Hearing the words "you have breast cancer" is never easy, but imagine having a 4-month-old baby when you get that diagnosis.
That was the case for one Tulsa woman. Just a few years ago, what should have been the happiest time in her life, turned into one of the hardest.
"Julian was an in vitro-baby so we tried to have him for over five years until we finally did it so I was very, very happy to be pregnant with my third child," said Elian Hurtado.
But little did she know, just six months after this picture was taken, Elian Hurtado would be diagnosed with breast cancer.
"It is like a death sentence. That day I feel like you have your days count you have to do something and so even before I call my husband, I call an attorney, that day from the parking lot, I call and say I want to make an appointment for a will," said Elian Hurtado.
Elian felt that way since she had lost her mom to ovarian cancer when she was very young. But once she met with her doctor, she started to realize the cancer was treatable and she would survive.
"It has more meaning than what it seems. You have to let go and just believe that you're going to be ok," said Elian Hurtado.
"I always say she has the heart like a bull. It was impressive that she could do it," said her son, Sebastian Jarve.
Bilateral mastectomy, chemotherapy and radiation, all part of her arsenal to fight breast cancer and win, but all weapons that took away the parts that made her a woman.
"One day I look at myself in the mirror, I had no breasts I had no hair, and that day I learned but I'm still me. You can take everything from me. Actually I have no ovaries any more. I have all the female organs from me, but I'm still me," said Elian Hurtado.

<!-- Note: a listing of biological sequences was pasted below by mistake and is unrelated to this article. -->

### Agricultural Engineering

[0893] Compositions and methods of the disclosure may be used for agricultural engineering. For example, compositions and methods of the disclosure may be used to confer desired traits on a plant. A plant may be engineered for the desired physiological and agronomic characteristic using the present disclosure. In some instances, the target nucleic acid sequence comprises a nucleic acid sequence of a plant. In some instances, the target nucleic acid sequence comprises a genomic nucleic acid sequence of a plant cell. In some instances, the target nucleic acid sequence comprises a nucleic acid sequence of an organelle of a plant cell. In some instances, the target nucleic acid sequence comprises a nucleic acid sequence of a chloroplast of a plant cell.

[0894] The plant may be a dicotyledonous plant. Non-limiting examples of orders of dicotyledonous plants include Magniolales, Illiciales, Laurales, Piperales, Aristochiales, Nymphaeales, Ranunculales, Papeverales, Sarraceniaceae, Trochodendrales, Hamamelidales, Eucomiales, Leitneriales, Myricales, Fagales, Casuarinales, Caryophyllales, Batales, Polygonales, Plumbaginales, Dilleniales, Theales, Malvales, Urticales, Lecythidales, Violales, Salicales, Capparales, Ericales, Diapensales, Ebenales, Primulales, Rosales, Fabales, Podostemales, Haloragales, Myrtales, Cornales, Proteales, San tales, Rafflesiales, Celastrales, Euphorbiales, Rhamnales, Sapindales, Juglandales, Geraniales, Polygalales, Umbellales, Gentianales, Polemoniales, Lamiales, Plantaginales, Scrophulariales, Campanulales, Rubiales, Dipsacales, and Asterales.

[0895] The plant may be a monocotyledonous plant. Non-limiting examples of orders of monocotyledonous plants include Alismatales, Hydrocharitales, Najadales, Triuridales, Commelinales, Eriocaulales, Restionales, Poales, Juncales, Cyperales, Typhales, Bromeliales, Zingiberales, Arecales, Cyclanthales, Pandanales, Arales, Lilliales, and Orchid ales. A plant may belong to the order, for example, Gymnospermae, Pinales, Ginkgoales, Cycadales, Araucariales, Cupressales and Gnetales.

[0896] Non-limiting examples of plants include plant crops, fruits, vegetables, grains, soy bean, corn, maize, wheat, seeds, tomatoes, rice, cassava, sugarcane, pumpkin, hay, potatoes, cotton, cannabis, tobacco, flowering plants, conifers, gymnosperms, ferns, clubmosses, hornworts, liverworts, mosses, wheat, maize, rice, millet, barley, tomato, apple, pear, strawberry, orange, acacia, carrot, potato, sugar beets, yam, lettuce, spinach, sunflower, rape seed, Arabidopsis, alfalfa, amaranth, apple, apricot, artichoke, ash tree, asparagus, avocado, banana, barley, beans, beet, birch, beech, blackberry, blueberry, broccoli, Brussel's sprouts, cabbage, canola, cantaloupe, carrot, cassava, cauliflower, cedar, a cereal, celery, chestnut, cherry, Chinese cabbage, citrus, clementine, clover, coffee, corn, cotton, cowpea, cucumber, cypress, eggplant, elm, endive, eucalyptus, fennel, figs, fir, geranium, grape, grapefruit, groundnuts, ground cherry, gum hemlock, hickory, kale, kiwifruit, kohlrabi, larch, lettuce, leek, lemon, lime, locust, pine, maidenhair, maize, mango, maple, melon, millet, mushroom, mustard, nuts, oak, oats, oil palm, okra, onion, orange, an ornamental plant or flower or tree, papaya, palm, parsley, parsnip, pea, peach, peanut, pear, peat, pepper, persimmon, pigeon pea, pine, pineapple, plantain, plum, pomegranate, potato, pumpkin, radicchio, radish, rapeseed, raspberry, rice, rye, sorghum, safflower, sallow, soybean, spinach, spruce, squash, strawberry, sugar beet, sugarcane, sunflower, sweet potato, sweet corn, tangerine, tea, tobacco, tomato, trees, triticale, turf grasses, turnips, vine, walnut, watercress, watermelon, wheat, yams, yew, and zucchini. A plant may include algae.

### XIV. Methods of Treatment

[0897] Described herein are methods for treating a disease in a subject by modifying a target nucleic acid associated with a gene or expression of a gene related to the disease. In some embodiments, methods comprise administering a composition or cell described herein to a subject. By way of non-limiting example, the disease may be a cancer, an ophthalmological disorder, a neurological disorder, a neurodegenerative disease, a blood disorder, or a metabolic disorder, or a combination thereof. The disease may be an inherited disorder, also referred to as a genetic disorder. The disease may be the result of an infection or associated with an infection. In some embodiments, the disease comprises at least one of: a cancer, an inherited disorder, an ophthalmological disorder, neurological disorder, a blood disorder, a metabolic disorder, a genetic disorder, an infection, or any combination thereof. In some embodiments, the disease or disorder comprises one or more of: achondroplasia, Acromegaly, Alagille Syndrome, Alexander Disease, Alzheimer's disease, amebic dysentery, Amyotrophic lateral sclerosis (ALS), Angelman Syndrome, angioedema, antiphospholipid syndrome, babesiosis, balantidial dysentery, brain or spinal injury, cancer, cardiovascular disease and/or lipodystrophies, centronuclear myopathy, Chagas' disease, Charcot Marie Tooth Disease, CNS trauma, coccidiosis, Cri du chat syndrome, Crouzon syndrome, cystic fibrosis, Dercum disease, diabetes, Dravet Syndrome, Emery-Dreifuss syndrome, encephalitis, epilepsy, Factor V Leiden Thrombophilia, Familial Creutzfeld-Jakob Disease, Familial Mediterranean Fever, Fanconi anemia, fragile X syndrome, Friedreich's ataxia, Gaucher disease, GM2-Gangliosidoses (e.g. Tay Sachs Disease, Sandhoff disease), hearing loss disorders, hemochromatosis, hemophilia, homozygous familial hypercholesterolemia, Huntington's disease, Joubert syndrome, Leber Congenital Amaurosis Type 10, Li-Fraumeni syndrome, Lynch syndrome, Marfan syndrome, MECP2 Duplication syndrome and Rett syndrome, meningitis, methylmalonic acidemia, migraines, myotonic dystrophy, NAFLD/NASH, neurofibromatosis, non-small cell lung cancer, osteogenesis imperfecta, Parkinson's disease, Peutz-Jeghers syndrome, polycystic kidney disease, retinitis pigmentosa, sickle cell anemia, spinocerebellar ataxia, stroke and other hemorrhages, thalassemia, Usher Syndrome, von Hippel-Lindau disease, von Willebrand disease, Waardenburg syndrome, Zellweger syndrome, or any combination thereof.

"Do I really want her complete or do I really want her. I'd rather have her. I mean the other stuff really didn't matter. What I want is to her is to get old together, for her to see her kids, grow up, graduate from college, get married, for her to get to know her grandchildren, enjoy that with her and that's the important thing," said Elian's husband Rick Jarve.
Elian is using her story to encourage others to get in and get checked. And she's helping to raise money by participating in the Susan G Komen Race for the Cure.
She says it was at last year's race, her outlook on life changed for good.
"That day I switched my mind from being sick to being a survivor. You know they give you the survivor shirt and I'm like I'm no longer a cancer patient. I'm a survivor," said Elian Hurtado.
Elian says besides her family, friends and neighbors played a huge part in her recovery. She's now hoping her story will not only help women who are diagnosed but she wants to reach out to the Latino community to get the word out about early detection.
Elian plans to have a team again this year for the Susan G. Komen Race for the Cure, coming up Saturday September 15, 2012 at OneOK Field.